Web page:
An undercover video including footage from months of work at one of the United States largest pork processors has raised questions over how animals are killed, and sparked a government investigation.
“If the USDA is around, they could shut us down,” one worker is filmed as saying.
The jarring video shows pigs being dragged across the floor, beaten, and bleeding out while writhing. The law that requires pigs to be rendered unconscious before being killed appears to be ignored.
“That one was definitely alive,” one worker said.
The graphic video “USDA-Approved High Speed Slaughter Hell” was covertly filmed by an employee of the nonprofit animal rights group Compassion Over Killing.
The unnamed employee got a job at the Austin, Minnesota plant of Quality Pork Processors, a supplier of Hormel Foods, the company that makes Spam and a variety of other popular processed meats.
After releasing the footage, the group sent it to the U.S. Department of Agriculture, which has since pledged a thorough investigation.
“The actions depicted in the video under review are appalling and completely unacceptable, and if we can verify the video’s authenticity, we will aggressively investigate the case and take appropriate action,” USDA spokesman Adam Tarr said in a statement.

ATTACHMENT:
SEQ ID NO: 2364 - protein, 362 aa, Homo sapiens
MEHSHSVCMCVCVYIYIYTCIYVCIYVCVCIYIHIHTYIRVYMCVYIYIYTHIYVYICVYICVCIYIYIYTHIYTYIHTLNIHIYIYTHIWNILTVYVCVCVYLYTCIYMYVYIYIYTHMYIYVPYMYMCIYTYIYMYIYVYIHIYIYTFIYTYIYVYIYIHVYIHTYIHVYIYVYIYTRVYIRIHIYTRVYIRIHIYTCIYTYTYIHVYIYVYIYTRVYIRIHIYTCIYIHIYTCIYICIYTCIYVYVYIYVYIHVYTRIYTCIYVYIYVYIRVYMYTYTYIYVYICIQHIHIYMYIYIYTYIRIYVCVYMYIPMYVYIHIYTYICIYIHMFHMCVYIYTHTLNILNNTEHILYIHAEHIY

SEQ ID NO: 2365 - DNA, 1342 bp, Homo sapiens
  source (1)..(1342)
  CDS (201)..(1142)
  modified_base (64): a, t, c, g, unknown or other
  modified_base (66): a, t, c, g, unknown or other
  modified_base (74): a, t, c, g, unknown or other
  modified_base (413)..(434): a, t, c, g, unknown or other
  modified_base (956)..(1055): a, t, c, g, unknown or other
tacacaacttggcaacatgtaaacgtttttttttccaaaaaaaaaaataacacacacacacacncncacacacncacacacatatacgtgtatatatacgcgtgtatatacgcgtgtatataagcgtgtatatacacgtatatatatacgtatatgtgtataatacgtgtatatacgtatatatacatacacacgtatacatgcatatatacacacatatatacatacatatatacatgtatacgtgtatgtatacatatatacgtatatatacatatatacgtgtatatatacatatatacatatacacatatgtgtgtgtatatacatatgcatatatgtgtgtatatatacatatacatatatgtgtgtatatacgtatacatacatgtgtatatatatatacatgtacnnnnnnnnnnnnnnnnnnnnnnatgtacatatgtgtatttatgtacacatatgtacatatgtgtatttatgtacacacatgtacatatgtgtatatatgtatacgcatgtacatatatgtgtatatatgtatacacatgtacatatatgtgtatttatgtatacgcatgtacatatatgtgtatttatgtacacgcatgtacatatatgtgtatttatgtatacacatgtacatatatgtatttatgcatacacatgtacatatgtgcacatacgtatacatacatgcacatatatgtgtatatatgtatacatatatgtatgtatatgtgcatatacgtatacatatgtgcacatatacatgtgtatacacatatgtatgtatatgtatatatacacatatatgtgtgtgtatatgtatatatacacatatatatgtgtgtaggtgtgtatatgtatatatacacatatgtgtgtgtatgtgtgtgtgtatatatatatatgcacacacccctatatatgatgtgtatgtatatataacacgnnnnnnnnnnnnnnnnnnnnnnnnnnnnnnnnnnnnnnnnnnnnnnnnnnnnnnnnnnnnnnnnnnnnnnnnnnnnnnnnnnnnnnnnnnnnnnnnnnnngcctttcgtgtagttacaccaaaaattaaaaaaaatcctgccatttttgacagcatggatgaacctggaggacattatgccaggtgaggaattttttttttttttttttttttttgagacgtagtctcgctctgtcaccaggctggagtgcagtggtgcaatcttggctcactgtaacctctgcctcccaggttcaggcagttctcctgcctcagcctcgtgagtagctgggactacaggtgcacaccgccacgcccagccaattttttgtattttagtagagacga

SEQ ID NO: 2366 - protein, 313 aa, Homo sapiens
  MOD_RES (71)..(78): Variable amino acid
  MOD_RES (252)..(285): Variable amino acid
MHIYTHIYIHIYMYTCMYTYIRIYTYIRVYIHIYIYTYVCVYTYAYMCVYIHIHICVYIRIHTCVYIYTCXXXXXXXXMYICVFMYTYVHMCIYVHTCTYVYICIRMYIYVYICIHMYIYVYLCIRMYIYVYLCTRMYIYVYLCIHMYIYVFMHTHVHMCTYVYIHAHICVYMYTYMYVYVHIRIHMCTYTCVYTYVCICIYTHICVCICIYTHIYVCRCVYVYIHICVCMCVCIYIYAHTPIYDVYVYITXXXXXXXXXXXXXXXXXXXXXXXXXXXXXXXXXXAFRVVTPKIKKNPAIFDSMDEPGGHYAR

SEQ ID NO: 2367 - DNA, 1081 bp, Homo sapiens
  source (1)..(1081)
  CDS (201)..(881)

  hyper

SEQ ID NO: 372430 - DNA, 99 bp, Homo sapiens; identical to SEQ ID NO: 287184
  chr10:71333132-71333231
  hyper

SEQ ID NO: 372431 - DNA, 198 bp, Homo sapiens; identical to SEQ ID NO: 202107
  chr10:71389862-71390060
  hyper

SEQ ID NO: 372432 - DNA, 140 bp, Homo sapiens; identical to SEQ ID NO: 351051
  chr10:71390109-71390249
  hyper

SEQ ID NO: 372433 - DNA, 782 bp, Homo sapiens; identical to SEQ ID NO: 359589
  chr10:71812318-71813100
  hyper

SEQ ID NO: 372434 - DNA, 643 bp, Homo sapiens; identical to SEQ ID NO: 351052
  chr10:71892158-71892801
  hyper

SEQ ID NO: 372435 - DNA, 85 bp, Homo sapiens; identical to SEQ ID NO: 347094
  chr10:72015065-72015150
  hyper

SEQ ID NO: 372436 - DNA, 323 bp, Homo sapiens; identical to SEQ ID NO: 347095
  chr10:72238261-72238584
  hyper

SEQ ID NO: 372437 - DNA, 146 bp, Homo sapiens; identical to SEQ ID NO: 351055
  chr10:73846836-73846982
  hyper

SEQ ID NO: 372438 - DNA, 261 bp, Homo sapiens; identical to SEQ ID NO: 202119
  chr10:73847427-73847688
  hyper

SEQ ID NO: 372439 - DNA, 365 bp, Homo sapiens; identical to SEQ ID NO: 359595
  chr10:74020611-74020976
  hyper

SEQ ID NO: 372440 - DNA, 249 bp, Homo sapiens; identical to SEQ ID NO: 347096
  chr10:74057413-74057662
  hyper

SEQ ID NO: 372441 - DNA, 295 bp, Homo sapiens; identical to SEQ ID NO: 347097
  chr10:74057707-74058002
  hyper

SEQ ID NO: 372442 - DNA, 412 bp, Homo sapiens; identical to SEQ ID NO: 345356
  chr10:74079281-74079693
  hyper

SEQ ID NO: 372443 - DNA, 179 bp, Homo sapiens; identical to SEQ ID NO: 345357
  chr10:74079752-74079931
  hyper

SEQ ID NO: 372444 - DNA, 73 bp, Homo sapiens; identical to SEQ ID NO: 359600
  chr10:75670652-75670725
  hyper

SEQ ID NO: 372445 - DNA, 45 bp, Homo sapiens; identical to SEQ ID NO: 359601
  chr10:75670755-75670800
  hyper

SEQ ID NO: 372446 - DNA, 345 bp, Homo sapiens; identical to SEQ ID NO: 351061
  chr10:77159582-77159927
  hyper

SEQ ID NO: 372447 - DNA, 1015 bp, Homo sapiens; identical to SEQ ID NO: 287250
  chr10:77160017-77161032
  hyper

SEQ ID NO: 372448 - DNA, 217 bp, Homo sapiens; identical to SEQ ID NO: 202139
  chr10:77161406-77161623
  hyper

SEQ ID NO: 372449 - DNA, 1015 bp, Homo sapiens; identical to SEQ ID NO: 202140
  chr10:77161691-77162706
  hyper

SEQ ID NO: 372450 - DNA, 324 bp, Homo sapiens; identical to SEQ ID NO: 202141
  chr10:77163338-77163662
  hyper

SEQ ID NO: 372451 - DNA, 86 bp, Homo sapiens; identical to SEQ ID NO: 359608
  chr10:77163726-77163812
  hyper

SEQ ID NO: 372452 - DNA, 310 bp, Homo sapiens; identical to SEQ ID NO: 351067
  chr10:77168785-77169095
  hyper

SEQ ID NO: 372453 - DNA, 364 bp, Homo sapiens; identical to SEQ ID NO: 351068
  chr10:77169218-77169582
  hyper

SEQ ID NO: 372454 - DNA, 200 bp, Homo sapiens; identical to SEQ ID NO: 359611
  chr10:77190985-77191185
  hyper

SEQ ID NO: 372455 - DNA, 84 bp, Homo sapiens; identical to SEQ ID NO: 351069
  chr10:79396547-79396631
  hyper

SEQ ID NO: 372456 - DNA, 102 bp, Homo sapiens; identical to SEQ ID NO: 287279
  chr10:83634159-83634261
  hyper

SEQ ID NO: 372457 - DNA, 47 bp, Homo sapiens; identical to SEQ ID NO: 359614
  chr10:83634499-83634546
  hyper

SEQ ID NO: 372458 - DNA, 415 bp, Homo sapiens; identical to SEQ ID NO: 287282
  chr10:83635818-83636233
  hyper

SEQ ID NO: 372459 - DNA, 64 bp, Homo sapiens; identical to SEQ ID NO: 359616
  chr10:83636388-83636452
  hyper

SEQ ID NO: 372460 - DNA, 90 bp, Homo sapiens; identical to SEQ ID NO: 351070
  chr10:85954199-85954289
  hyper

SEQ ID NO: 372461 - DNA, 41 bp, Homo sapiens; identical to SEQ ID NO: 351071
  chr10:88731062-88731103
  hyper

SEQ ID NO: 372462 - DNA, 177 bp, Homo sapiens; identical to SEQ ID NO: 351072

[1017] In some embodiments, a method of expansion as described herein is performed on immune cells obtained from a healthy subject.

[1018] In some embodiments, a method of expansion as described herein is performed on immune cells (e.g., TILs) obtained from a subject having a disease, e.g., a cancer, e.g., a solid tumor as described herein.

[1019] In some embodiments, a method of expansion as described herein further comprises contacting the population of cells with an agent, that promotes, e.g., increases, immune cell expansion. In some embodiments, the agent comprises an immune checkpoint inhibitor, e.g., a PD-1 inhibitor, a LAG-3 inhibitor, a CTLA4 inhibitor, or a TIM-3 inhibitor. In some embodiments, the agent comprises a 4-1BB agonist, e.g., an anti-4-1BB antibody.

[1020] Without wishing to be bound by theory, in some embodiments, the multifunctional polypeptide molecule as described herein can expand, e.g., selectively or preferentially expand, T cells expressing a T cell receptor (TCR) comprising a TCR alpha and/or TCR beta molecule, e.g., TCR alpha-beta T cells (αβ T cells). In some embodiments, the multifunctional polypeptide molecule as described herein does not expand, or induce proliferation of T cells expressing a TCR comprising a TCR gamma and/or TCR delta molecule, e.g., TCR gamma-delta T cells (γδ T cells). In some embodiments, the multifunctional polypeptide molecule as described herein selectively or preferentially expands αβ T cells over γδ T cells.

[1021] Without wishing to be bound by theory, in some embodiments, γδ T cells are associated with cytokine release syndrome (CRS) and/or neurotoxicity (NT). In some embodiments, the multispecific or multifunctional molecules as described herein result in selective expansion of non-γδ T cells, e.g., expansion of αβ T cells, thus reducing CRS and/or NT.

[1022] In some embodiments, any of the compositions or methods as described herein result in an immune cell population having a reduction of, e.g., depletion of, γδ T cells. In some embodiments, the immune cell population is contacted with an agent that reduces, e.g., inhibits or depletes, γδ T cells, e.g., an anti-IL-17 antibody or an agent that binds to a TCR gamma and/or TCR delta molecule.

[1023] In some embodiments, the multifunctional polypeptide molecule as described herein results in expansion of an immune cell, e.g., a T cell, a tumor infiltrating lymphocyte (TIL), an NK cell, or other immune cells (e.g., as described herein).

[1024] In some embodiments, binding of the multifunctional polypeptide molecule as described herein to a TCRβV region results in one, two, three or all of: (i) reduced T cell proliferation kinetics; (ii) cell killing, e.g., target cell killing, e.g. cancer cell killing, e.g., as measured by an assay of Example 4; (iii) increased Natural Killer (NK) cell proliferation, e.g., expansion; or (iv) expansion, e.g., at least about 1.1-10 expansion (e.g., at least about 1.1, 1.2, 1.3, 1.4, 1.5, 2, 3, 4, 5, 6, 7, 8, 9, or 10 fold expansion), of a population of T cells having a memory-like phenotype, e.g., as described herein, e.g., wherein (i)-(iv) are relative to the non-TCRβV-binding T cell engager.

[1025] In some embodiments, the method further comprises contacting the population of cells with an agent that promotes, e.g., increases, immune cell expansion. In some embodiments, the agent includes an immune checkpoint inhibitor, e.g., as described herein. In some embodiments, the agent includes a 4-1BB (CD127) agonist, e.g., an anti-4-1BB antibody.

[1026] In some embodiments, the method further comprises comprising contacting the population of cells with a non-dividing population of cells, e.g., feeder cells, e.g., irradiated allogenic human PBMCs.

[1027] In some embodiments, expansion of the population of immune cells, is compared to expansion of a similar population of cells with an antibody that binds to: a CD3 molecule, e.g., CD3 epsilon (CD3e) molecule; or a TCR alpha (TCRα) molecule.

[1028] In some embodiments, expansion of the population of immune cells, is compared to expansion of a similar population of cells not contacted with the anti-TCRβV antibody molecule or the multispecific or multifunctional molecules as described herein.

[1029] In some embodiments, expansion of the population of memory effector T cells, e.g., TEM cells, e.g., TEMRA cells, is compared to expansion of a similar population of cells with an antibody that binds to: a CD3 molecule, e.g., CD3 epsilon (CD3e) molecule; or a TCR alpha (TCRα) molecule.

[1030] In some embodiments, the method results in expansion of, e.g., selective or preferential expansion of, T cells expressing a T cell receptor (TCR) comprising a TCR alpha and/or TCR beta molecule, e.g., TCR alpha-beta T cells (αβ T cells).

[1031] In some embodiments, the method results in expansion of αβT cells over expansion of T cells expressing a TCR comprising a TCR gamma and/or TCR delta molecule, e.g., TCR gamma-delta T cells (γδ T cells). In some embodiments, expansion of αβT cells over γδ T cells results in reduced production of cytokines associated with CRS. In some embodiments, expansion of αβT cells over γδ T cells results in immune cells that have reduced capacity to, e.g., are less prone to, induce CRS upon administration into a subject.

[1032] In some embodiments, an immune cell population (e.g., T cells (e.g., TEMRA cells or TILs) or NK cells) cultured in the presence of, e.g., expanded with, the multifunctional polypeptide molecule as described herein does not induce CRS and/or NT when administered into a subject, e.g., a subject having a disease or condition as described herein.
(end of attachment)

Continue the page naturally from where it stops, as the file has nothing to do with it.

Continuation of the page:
Approximately 1,300 pigs are slaughtered at the plant each hour.
“That means this facility operates at faster line speeds than almost any other facility in the U.S.,” the nonprofit says on its website. “The excessive slaughter line speed forces workers to take inhumane shortcuts that lead to extreme suffering for millions of pigs. It also jeopardizes food safety for consumers.”
The footage also shows a supervisor sleeping on the job, and pigs covered in feces or abscesses still being killed and processed for human consumption with the department’s stamp of approval.
Quality Pork Producers and Hormel have not commented on the video.
“I don’t think you can look at the video along with the USDA guidelines and say that QPP is following the law,” Ted Genoways, the author of “The Chain: Farm, Factory, and the Fate of Our Food,” told the Washington Post.
“This plant is the symbol of everything that is wrong with the meat industry,” added Genoways, who saw the video but is not associated with the nonprofit.
Even more concerning, the plant where the footage was recorded is part of a pilot program known as the HACCP-Based Inspection Models Project (HIMP) that allows processors more responsibility over the inspection process. The government told its inspectors to focus more on food safety, while the private workers are supposed to focus on safely handling the animals and products.
The program features three government inspects on the production line, and a fourth free to move around, compared to the usual seven. It’s resulted in saved government money faster processing times, but apparently not everything has worked out well.
Multiple groups have raised concerns about the pilot program since it started in the late ’90s, including a former USDA inspector, a USDA inspector general, and the U.S. Government Accountability Office.